appropriate entry in the directory
index file should be added.
To add a new screen shot integration test, first make sure you can run existing screen shot tests, for example tests/integration/annotations/test_whisker.py. New screen shot tests should follow the general guidelines:
- Be as simple as possible (only include things under test and nothing extra)
- Prefer the
Once a new test is written, a base image for comparison is needed. To create
a new base image, add
--set-new-base-screenshot to your the standard
py.test command to run the test. This will generate an image with the name
base__<name_of_your_test>.png in the appropriate directory. Use
to check this image into the repository, and then all future screen shot tests
will be compared against this base image.
Every push to the master branch or any Pull Request branch on GitHub automatically triggers a full test build on the TravisCI continuous integration service. This is most often useful for running the full Bokeh test suite continuously, but also triggers automated scripts for publishing releases when a tagged branch is pushed.
You can see the list of all current and previous builds at this URL: https://travis-ci.org/bokeh/bokeh
From there you can navigate to the build page for any specific build (e.g. for the latest merge to master, or a particular Pull Request). A typical build page looks like the image below:
As seen, the status of all build stages and jobs can be quickly inspected. When everything is running smoothly, all jobs will have a green check mark.
There are a number of files that affect the build configuration:
- Defines the build matrix and global configurations for the stages described below.
- Instructions for building a conda noarch package for Bokeh. This file is the single source of truth for build and test (but not runtime) dependencies.
- Used to build sdist packages and “dev” installs. This file is also the single source of truth for runtime dependencies.
- Contains some global configuration for build and test tools such as
Build stage has a single job that is responsible for creating a
noarch conda package for Bokeh. This ensures both that the BokehJS can
be built correctly, and that important release packaging machinery is
always functional. Additionally artifacts from this build, such as the conda
package, and the BokehJS build directory, are saved to be re-used by future
jobs, speeding up the entire build.
The controlling script is scripts/ci/build
Test stage is comprised of several jobs that run all the various
The controlling script is scripts/ci/test, which calls a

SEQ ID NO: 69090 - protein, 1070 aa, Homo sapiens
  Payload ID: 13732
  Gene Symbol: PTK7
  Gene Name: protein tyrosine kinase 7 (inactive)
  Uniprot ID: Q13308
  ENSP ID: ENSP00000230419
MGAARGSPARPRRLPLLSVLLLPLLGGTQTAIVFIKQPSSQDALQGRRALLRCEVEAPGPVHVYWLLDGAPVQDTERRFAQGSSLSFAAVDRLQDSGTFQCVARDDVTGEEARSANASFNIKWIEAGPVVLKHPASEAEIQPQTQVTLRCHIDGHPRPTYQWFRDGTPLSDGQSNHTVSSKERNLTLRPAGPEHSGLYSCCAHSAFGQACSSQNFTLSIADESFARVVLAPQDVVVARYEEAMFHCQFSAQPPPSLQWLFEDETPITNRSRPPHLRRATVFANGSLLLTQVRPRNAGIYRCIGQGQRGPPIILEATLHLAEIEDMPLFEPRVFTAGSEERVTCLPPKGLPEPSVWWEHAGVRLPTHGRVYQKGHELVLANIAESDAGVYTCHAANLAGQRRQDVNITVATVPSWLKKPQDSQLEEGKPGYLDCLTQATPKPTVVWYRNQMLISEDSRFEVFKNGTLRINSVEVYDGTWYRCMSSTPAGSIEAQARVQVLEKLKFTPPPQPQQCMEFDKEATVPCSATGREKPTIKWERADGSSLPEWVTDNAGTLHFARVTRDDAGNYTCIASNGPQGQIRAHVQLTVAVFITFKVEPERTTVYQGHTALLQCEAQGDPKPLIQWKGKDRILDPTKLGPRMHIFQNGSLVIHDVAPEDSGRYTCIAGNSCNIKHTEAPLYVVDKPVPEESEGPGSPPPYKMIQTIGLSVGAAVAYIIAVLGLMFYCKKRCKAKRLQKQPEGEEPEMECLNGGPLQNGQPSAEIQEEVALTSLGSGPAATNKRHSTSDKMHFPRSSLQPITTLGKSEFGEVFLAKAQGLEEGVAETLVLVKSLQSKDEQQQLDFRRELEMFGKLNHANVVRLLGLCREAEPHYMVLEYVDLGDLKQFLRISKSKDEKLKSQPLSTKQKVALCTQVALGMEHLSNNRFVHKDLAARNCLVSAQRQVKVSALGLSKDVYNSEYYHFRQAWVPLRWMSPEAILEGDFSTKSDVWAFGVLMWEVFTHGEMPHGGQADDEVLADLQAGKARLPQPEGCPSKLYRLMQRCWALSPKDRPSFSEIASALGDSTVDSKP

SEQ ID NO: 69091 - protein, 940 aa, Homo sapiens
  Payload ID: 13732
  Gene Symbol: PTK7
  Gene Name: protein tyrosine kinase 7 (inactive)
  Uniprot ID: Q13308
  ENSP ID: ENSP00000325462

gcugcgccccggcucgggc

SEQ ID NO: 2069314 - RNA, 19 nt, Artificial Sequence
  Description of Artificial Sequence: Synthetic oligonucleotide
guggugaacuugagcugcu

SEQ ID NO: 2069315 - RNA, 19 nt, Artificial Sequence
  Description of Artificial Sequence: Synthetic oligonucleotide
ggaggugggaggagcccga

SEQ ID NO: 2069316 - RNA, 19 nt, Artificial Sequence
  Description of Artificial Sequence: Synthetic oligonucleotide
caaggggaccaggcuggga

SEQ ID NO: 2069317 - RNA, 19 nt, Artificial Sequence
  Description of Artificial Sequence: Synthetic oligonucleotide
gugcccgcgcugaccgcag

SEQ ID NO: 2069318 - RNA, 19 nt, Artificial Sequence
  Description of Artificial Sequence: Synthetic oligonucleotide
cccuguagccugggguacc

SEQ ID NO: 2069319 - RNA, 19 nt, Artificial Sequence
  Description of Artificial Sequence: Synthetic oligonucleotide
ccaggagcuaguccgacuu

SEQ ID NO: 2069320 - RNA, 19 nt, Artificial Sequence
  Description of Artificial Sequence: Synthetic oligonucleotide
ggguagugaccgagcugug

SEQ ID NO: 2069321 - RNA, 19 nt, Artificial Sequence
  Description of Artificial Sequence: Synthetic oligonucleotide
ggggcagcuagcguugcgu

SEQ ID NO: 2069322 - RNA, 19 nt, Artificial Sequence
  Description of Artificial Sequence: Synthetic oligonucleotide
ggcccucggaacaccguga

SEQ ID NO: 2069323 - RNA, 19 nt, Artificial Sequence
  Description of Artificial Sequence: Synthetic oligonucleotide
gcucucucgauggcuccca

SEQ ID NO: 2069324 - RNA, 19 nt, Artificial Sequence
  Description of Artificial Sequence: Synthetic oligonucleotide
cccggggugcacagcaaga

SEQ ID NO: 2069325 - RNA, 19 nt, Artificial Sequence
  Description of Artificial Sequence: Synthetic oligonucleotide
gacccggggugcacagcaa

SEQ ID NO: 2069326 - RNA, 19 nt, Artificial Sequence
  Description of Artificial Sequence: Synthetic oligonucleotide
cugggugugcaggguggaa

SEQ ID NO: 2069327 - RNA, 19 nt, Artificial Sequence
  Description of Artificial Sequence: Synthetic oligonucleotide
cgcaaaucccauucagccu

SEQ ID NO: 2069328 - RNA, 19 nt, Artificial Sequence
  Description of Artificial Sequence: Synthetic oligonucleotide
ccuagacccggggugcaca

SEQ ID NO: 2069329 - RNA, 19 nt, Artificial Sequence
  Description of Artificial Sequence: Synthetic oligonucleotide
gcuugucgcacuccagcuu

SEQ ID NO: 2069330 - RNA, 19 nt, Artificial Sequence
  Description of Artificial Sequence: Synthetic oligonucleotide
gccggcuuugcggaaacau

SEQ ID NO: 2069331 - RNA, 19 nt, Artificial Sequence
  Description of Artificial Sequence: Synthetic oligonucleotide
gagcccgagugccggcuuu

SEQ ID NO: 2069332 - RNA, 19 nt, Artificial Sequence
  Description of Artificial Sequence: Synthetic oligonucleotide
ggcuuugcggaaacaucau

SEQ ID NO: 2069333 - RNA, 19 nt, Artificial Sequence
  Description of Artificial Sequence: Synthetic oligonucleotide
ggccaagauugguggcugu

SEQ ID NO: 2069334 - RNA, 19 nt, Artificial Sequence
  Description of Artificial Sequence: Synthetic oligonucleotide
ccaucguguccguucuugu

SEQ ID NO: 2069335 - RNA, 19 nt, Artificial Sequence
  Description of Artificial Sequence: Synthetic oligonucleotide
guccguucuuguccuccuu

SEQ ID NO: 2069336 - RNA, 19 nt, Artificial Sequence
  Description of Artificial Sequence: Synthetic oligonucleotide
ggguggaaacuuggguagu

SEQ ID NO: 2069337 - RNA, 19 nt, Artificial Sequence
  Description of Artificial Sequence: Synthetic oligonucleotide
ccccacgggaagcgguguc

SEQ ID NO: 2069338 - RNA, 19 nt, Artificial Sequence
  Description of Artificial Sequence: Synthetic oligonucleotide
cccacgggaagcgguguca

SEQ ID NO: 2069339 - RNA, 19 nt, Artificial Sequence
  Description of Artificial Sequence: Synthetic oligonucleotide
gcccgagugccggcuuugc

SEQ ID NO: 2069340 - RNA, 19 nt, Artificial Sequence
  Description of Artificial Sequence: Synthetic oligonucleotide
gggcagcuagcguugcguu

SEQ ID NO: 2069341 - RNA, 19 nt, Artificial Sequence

test:<GROUP> script for each of the following test groups:
- This job executes a large portion of the Bokeh examples to ensure that
PYTHON=2.7generates images for the examples and a report that compares the images to previous versions.
- This job executes an integration test, e.g. a Selenium browser test.
node make test)
- This job runs all the Python unit tests (i.e.
py.test -m unit). The tests are run on different jobs for Python versions 2.7 and 3.5+.
- This job runs the documentation build. For more information about building or contributing documentation see the Documentation section of the Developer’s guide.
- This job runs tests that maintain code quality and package integrity.
Deploy stage has a single job that is responsible for executing all
the work necessary to complete a Bokeh release. This includes tasks such as:
- Building and publishing conda and sdist packages
- Making BokehJS assets available on CDN
- Building and deploying the Bokeh documentation site
- Generating and uploading Bokeh examples tarballs
- Publishing BokehJS NPM packages
All of these steps are performed for full releases, however some may be omitted for dev builds and release candidates.
The controlling script is scripts/ci/deploy
TravisCI provides five free build workers to Open Source projects. A few considerations will help you be considerate of others needing these limited resources:
Group commits into meaningful chunks of work before pushing to GitHub (i.e. don’t push on every commit).
If you must make multiple commits in succession, navigate to TravisCI and cancel all but the last build, in order to free up build workers.
examplestests are not needed (e.g. for a docs-only Pull Request), they may be disabled by adding the text
[ci disable examples]
to your commit message.